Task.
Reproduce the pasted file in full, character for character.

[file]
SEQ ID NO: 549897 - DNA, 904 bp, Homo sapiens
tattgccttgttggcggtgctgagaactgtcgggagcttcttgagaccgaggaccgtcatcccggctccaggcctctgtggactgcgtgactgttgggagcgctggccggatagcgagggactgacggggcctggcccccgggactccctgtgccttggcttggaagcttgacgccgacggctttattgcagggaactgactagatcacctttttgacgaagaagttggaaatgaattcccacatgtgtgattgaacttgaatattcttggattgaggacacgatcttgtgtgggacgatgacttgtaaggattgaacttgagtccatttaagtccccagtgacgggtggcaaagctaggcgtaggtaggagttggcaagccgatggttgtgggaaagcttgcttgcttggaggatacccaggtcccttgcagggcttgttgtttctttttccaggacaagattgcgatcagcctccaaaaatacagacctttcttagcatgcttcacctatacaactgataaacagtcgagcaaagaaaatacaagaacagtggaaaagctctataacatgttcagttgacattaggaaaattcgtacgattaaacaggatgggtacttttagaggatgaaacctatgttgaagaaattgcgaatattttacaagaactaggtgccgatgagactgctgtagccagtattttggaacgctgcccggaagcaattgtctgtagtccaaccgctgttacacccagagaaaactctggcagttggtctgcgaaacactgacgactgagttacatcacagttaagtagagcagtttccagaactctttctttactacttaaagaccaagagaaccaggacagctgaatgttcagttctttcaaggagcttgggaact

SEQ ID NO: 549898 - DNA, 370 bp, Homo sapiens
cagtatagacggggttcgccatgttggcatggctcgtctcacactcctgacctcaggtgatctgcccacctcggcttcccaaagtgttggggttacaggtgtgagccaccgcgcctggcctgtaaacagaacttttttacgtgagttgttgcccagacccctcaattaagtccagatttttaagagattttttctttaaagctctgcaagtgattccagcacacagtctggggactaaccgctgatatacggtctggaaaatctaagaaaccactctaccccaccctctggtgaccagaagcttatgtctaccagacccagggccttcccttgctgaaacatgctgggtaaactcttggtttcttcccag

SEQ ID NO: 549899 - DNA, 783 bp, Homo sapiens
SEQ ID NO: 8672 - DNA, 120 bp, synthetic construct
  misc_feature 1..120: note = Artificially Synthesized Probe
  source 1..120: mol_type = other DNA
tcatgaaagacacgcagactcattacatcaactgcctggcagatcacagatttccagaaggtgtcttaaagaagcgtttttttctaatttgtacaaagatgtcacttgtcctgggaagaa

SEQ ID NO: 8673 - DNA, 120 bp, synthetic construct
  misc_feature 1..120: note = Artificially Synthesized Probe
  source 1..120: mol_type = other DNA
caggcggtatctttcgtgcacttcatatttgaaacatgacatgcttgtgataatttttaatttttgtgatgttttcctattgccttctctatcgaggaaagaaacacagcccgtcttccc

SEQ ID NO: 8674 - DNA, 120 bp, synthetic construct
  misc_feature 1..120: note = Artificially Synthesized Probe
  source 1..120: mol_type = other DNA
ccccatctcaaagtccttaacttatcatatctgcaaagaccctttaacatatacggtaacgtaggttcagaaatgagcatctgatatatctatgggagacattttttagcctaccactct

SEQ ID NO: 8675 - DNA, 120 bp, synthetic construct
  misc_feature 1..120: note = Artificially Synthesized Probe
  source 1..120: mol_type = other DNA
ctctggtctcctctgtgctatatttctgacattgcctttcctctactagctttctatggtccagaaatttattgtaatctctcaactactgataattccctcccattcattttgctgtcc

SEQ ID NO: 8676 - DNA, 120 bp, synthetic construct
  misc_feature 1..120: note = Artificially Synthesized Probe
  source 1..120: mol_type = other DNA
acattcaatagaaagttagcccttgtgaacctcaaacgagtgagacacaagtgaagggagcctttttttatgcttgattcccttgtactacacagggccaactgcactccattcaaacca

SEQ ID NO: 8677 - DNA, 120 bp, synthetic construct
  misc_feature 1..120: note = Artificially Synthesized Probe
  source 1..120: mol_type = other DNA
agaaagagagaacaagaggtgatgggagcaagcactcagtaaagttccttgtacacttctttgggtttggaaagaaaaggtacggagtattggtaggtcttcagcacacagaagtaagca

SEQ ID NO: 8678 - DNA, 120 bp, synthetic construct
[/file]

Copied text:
SEQ ID NO: 549897 - DNA, 904 bp, Homo sapiens
tattgccttgttggcggtgctgagaactgtcgggagcttcttgagaccgaggaccgtcatcccggctccaggcctctgtggactgcgtgactgttgggagcgctggccggatagcgagggactgacggggcctggcccccgggactccctgtgccttggcttggaagcttgacgccgacggctttattgcagggaactgactagatcacctttttgacgaagaagttggaaatgaattcccacatgtgtgattgaacttgaatattcttggattgaggacacgatcttgtgtgggacgatgacttgtaaggattgaacttgagtccatttaagtccccagtgacgggtggcaaagctaggcgtaggtaggagttggcaagccgatggttgtgggaaagcttgcttgcttggaggatacccaggtcccttgcagggcttgttgtttctttttccaggacaagattgcgatcagcctccaaaaatacagacctttcttagcatgcttcacctatacaactgataaacagtcgagcaaagaaaatacaagaacagtggaaaagctctataacatgttcagttgacattaggaaaattcgtacgattaaacaggatgggtacttttagaggatgaaacctatgttgaagaaattgcgaatattttacaagaactaggtgccgatgagactgctgtagccagtattttggaacgctgcccggaagcaattgtctgtagtccaaccgctgttacacccagagaaaactctggcagttggtctgcgaaacactgacgactgagttacatcacagttaagtagagcagtttccagaactctttctttactacttaaagaccaagagaaccaggacagctgaatgttcagttctttcaaggagcttgggaact

SEQ ID NO: 549898 - DNA, 370 bp, Homo sapiens
cagtatagacggggttcgccatgttggcatggctcgtctcacactcctgacctcaggtgatctgcccacctcggcttcccaaagtgttggggttacaggtgtgagccaccgcgcctggcctgtaaacagaacttttttacgtgagttgttgcccagacccctcaattaagtccagatttttaagagattttttctttaaagctctgcaagtgattccagcacacagtctggggactaaccgctgatatacggtctggaaaatctaagaaaccactctaccccaccctctggtgaccagaagcttatgtctaccagacccagggccttcccttgctgaaacatgctgggtaaactcttggtttcttcccag

SEQ ID NO: 549899 - DNA, 783 bp, Homo sapiens
SEQ ID NO: 8672 - DNA, 120 bp, synthetic construct
  misc_feature 1..120: note = Artificially Synthesized Probe
  source 1..120: mol_type = other DNA
tcatgaaagacacgcagactcattacatcaactgcctggcagatcacagatttccagaaggtgtcttaaagaagcgtttttttctaatttgtacaaagatgtcacttgtcctgggaagaa

SEQ ID NO: 8673 - DNA, 120 bp, synthetic construct
  misc_feature 1..120: note = Artificially Synthesized Probe
  source 1..120: mol_type = other DNA
caggcggtatctttcgtgcacttcatatttgaaacatgacatgcttgtgataatttttaatttttgtgatgttttcctattgccttctctatcgaggaaagaaacacagcccgtcttccc

SEQ ID NO: 8674 - DNA, 120 bp, synthetic construct
  misc_feature 1..120: note = Artificially Synthesized Probe
  source 1..120: mol_type = other DNA
ccccatctcaaagtccttaacttatcatatctgcaaagaccctttaacatatacggtaacgtaggttcagaaatgagcatctgatatatctatgggagacattttttagcctaccactct

SEQ ID NO: 8675 - DNA, 120 bp, synthetic construct
  misc_feature 1..120: note = Artificially Synthesized Probe
  source 1..120: mol_type = other DNA
ctctggtctcctctgtgctatatttctgacattgcctttcctctactagctttctatggtccagaaatttattgtaatctctcaactactgataattccctcccattcattttgctgtcc

SEQ ID NO: 8676 - DNA, 120 bp, synthetic construct
  misc_feature 1..120: note = Artificially Synthesized Probe
  source 1..120: mol_type = other DNA
acattcaatagaaagttagcccttgtgaacctcaaacgagtgagacacaagtgaagggagcctttttttatgcttgattcccttgtactacacagggccaactgcactccattcaaacca

SEQ ID NO: 8677 - DNA, 120 bp, synthetic construct
  misc_feature 1..120: note = Artificially Synthesized Probe
  source 1..120: mol_type = other DNA
agaaagagagaacaagaggtgatgggagcaagcactcagtaaagttccttgtacacttctttgggtttggaaagaaaaggtacggagtattggtaggtcttcagcacacagaagtaagca

SEQ ID NO: 8678 - DNA, 120 bp, synthetic construct